“In the sequence of priorities, we have now put inflation before growth,” said Shaktikanta Das, governor of Reserve Bank of India (RBI), in his opening remarks at the post monetary policy press conference today. The monetary policy announcements on Friday saw the central bank changing its policy stance as the world transitions from the pandemic-induced economic disruptions to those created by the Russia-Ukraine war. While the Monetary Policy Committee unanimously voted to retain the key policy rates – repo rate at 4% and reverse repo rate at 3.35% – Das made clear RBI’s intentions to adopt a “less accommodative” stance in future.

Indications are clear: RBI is preparing the ground to reverse the liquidity measures implemented during the pandemic, and subsequently halt the worrisome rise of retail inflation. And the tool of choice employed to achieve this two-pronged objective is the Standing Deposit Facility.

Standing Deposit Facility, or SDF, has been operationalised by the RBI with immediate effect from today at a rate of 3.75%. It will replace Fixed Rate Reverse Repo (FRRR) to join repo rate and Marginal Standing Facility (MSF) in the Liquidity Adjustment Facility (LAF) corridor. While MSF will help inject liquidity in the system, SDF will be used to absorb excess liquidity.

“By removing the binding collateral constraint on the central bank, the SDF strengthens the operating framework of monetary policy. The SDF as the floor of the LAF corridor would provide symmetry to the operating framework of monetary policy by introducing a standing absorption facility at the bottom of the LAF corridor, similar to the standing injection tool at the upper end of the corridor, namely the Marginal Standing Facility. Thus, at both ends of the LAF corridor, there will be standing facilities – one to absorb and the other to inject liquidity,” RBI said in its monetary policy report.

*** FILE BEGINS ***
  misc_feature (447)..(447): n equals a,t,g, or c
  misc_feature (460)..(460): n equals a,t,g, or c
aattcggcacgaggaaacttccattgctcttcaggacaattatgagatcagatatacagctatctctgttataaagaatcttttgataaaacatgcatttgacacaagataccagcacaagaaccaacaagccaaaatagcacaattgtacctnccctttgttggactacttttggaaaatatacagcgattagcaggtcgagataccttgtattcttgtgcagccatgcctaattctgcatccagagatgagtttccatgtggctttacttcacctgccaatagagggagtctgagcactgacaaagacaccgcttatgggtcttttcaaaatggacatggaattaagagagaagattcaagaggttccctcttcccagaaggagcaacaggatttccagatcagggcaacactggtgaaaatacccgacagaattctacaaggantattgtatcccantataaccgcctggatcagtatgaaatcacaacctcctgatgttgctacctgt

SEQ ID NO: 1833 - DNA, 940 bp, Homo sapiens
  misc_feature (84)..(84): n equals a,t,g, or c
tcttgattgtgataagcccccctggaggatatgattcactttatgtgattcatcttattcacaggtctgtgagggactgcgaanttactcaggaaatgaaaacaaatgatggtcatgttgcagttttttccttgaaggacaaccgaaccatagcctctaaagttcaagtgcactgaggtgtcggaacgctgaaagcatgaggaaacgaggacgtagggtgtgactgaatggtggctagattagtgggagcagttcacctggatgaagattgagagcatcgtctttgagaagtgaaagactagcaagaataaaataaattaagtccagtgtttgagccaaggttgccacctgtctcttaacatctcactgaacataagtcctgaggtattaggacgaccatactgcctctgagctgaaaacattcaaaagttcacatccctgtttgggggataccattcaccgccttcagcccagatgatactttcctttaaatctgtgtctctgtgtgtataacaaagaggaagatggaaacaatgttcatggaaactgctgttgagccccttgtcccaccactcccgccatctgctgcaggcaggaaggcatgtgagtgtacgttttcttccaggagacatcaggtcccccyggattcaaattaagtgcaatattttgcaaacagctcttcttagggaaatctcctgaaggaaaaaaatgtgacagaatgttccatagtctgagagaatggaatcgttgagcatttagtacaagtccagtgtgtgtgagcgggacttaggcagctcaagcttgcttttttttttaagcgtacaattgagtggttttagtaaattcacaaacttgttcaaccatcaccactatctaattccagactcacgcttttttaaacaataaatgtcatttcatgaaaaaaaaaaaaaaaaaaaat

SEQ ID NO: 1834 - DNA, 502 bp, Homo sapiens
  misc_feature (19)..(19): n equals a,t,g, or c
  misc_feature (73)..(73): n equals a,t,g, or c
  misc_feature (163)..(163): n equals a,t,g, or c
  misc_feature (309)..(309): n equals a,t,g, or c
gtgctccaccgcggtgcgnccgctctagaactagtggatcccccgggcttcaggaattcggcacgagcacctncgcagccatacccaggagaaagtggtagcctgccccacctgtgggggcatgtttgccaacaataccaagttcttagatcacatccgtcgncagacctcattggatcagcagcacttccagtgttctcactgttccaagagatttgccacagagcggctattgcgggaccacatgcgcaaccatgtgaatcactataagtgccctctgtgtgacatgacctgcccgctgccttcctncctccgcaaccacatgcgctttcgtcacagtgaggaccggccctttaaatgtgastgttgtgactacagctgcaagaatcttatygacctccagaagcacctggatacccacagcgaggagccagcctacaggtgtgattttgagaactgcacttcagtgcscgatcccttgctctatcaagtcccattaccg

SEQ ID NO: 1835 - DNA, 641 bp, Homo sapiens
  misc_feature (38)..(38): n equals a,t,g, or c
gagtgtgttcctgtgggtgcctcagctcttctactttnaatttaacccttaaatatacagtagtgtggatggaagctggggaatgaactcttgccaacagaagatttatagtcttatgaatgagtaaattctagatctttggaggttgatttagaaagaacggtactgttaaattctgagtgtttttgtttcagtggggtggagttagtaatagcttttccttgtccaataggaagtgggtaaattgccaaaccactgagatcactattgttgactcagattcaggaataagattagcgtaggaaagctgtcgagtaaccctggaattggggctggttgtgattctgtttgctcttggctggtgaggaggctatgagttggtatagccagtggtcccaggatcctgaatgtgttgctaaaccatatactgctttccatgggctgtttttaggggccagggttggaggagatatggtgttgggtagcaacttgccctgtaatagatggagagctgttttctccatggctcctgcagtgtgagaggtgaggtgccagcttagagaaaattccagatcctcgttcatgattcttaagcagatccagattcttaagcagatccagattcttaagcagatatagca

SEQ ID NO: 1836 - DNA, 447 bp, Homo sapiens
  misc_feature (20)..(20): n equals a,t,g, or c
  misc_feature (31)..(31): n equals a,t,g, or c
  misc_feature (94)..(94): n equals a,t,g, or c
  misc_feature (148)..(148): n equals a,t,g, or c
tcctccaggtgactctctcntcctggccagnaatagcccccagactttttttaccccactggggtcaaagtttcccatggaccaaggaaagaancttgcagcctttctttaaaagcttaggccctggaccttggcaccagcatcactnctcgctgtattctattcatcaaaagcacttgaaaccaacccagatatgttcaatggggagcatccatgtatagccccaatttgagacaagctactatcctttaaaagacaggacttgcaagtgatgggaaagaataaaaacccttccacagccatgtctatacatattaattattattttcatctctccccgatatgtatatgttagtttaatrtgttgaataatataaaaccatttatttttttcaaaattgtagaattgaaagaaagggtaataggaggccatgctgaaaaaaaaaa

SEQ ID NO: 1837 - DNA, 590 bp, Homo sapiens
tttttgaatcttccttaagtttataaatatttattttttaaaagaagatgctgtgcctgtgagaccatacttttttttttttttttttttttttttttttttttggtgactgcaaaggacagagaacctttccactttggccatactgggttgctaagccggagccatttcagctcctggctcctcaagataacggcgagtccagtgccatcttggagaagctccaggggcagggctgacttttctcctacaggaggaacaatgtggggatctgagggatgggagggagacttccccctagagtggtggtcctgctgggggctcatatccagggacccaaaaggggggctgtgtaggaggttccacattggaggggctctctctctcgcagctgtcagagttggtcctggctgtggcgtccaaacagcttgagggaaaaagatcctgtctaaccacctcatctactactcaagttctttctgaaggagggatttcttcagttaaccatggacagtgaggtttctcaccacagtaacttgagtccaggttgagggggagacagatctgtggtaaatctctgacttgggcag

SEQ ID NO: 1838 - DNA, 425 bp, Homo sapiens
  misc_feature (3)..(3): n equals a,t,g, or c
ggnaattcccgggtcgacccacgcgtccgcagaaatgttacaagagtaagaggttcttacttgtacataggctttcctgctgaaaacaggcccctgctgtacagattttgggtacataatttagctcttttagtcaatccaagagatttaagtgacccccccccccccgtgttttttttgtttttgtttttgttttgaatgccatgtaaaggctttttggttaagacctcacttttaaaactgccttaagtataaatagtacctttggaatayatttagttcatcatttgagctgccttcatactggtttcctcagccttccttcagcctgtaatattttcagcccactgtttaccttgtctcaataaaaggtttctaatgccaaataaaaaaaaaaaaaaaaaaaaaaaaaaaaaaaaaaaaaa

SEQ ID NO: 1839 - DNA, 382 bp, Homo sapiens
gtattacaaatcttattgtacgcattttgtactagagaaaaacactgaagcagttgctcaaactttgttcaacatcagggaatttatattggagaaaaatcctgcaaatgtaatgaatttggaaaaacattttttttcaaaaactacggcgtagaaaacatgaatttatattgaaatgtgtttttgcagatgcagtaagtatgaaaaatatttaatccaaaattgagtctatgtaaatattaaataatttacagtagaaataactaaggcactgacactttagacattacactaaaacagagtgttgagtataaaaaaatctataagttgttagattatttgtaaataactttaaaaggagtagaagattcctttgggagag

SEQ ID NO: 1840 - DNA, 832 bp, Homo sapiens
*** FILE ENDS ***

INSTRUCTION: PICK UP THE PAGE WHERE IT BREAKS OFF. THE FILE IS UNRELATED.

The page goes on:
“Liquidity management will effectively be done with LAF, which has three rates – the MSF, the SDF and the repo [rate], with the repo at the centre,” said RBI deputy governor Michael D. Patra during the presser.

The reverse repo rate will not be in everyday use for liquidity management, but will remain a part of RBI’s toolkit to be used at the central bank’s discretion, Patra added.

SDF rate will be available to all LAF participants, who can place deposits with the RBI on an overnight basis. The RBI also retains the flexibility to absorb liquidity for longer tenors under the SDF with appropriate pricing, as and when the need arises. The overnight SDF facility will be available between 17:30 hrs to 23:59 hrs on all days, including Sundays and holidays, and would be reversed on the following working day in Mumbai.

Bids can be placed under SDF for a minimum of ₹1 crore and in multiples thereof, with no ceiling on the bid amount. Participants can set a maximum balance limit for their current accounts linked to SDF operations. At the end of the day, RBI’s e-Kuber system compares this limit with the participants’ current account balances after completion of all transactions, and auto-triggers SDF if it is greater than the set maximum balance.

The liquidity measures to spur growth in the wake of the pandemic had injected ₹8.5 lakh crore extra liquidity in the system. The central bank has been conducting variable rate reverse repo (VRRR) auctions to suck this extra liquidity out and ease inflationary pressure.

Das said RBI will now engage in gradual, multi-year withdrawal of this ₹8.5-lakh-crore liquidity overhang. And SDF could be an ideal tool for this long-term liquidity withdrawal.

“We had argued in our thought piece a quarter ago that time is ripe for SDF introduction, which would not only alleviate the collateral constraint but if effectively used, could have multiple benefits in policy flexibility on financial stability and for banking sector as well. The journey from current over ₹8 lakh crore system liquidity to a pre-Covid ₹2 lakh crore will be a long-drawn one and new tools like SDF will be needed to manage durable liquidity/any idiosyncrasies amid collateral constraints under VRRRs,” says Madhavi Arora, lead economist at Emkay Global Financial Services.

The standing facility comes shortly after retail inflation reached an eight-month high of 6.07% in February, its second above RBI’s upper tolerance band of 6%. RBI has also revised its inflation projections for FY23 upwards to 5.7%, up from the earlier estimation of 4.5% in the face of rising commodity and crude oil prices.

“...on assumption of a normal monsoon during 2022 and average crude oil price, that is the Indian basket, at $100 per barrel, inflation is now projected at 5.7% in 2022-23 with Q1 at 6.3%, Q2 at 5%, Q3 at 5.4% and Q4 at 5.1%,” Das stated during the monetary policy announcement.

The MPC also revised India's GDP forecast for FY23 downward to 7.2% from the earlier projection of 7.8%. Das said the real GDP growth is expected to rise to 16.2% in Q1 FY23; 6.2% in Q2 FY23; 4.1% in Q3 FY23 and 4% in Q4 FY23.

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